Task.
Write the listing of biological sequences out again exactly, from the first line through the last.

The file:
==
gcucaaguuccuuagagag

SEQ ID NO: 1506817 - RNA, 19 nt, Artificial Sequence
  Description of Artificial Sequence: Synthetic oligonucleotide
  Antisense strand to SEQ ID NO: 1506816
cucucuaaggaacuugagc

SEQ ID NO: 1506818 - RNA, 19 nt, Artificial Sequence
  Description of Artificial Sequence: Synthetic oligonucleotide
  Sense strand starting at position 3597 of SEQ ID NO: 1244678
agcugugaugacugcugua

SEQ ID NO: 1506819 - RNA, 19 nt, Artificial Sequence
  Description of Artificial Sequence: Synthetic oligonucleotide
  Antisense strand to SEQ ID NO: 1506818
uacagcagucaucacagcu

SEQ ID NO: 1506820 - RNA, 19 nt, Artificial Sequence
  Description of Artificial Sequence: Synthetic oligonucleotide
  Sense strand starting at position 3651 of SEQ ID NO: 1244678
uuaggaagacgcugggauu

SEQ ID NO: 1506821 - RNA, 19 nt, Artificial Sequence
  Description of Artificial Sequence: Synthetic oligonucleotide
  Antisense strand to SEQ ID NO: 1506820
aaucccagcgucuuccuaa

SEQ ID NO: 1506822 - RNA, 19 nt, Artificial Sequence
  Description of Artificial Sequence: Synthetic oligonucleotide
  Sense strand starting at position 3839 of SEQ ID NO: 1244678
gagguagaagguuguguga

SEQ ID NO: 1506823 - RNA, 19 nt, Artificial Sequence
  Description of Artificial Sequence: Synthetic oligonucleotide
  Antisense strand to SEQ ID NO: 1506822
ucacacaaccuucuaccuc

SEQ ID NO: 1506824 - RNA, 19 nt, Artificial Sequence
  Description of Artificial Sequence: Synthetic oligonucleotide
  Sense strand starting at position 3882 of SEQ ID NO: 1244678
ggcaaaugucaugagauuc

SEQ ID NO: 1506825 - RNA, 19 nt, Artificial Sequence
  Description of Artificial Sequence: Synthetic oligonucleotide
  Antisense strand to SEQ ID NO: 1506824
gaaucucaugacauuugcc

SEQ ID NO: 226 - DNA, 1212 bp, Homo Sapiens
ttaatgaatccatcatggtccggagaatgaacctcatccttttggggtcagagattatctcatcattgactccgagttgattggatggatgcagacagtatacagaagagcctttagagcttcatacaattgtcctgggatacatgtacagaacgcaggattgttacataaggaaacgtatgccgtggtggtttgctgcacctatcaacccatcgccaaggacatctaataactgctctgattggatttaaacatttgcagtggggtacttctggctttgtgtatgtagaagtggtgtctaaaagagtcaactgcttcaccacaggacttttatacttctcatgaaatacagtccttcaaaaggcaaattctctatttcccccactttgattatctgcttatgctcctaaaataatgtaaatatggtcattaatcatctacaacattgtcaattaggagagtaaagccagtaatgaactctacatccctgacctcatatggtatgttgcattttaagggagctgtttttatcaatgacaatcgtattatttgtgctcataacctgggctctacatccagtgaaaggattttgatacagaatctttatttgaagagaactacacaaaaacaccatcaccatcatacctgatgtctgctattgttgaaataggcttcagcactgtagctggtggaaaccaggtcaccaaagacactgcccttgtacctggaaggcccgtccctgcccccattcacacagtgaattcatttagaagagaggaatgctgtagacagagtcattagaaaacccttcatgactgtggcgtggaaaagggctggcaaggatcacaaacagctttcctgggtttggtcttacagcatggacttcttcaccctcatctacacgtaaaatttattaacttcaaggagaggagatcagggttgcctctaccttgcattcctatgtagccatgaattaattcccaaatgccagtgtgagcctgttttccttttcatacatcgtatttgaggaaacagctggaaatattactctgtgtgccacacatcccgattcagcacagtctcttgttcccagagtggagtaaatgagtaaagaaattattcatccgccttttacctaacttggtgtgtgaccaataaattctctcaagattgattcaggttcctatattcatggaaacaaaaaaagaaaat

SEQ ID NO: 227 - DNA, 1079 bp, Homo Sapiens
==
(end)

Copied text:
gcucaaguuccuuagagag

SEQ ID NO: 1506817 - RNA, 19 nt, Artificial Sequence
  Description of Artificial Sequence: Synthetic oligonucleotide
  Antisense strand to SEQ ID NO: 1506816
cucucuaaggaacuugagc

SEQ ID NO: 1506818 - RNA, 19 nt, Artificial Sequence
  Description of Artificial Sequence: Synthetic oligonucleotide
  Sense strand starting at position 3597 of SEQ ID NO: 1244678
agcugugaugacugcugua

SEQ ID NO: 1506819 - RNA, 19 nt, Artificial Sequence
  Description of Artificial Sequence: Synthetic oligonucleotide
  Antisense strand to SEQ ID NO: 1506818
uacagcagucaucacagcu

SEQ ID NO: 1506820 - RNA, 19 nt, Artificial Sequence
  Description of Artificial Sequence: Synthetic oligonucleotide
  Sense strand starting at position 3651 of SEQ ID NO: 1244678
uuaggaagacgcugggauu

SEQ ID NO: 1506821 - RNA, 19 nt, Artificial Sequence
  Description of Artificial Sequence: Synthetic oligonucleotide
  Antisense strand to SEQ ID NO: 1506820
aaucccagcgucuuccuaa

SEQ ID NO: 1506822 - RNA, 19 nt, Artificial Sequence
  Description of Artificial Sequence: Synthetic oligonucleotide
  Sense strand starting at position 3839 of SEQ ID NO: 1244678
gagguagaagguuguguga

SEQ ID NO: 1506823 - RNA, 19 nt, Artificial Sequence
  Description of Artificial Sequence: Synthetic oligonucleotide
  Antisense strand to SEQ ID NO: 1506822
ucacacaaccuucuaccuc

SEQ ID NO: 1506824 - RNA, 19 nt, Artificial Sequence
  Description of Artificial Sequence: Synthetic oligonucleotide
  Sense strand starting at position 3882 of SEQ ID NO: 1244678
ggcaaaugucaugagauuc

SEQ ID NO: 1506825 - RNA, 19 nt, Artificial Sequence
  Description of Artificial Sequence: Synthetic oligonucleotide
  Antisense strand to SEQ ID NO: 1506824
gaaucucaugacauuugcc

SEQ ID NO: 226 - DNA, 1212 bp, Homo Sapiens
ttaatgaatccatcatggtccggagaatgaacctcatccttttggggtcagagattatctcatcattgactccgagttgattggatggatgcagacagtatacagaagagcctttagagcttcatacaattgtcctgggatacatgtacagaacgcaggattgttacataaggaaacgtatgccgtggtggtttgctgcacctatcaacccatcgccaaggacatctaataactgctctgattggatttaaacatttgcagtggggtacttctggctttgtgtatgtagaagtggtgtctaaaagagtcaactgcttcaccacaggacttttatacttctcatgaaatacagtccttcaaaaggcaaattctctatttcccccactttgattatctgcttatgctcctaaaataatgtaaatatggtcattaatcatctacaacattgtcaattaggagagtaaagccagtaatgaactctacatccctgacctcatatggtatgttgcattttaagggagctgtttttatcaatgacaatcgtattatttgtgctcataacctgggctctacatccagtgaaaggattttgatacagaatctttatttgaagagaactacacaaaaacaccatcaccatcatacctgatgtctgctattgttgaaataggcttcagcactgtagctggtggaaaccaggtcaccaaagacactgcccttgtacctggaaggcccgtccctgcccccattcacacagtgaattcatttagaagagaggaatgctgtagacagagtcattagaaaacccttcatgactgtggcgtggaaaagggctggcaaggatcacaaacagctttcctgggtttggtcttacagcatggacttcttcaccctcatctacacgtaaaatttattaacttcaaggagaggagatcagggttgcctctaccttgcattcctatgtagccatgaattaattcccaaatgccagtgtgagcctgttttccttttcatacatcgtatttgaggaaacagctggaaatattactctgtgtgccacacatcccgattcagcacagtctcttgttcccagagtggagtaaatgagtaaagaaattattcatccgccttttacctaacttggtgtgtgaccaataaattctctcaagattgattcaggttcctatattcatggaaacaaaaaaagaaaat

SEQ ID NO: 227 - DNA, 1079 bp, Homo Sapiens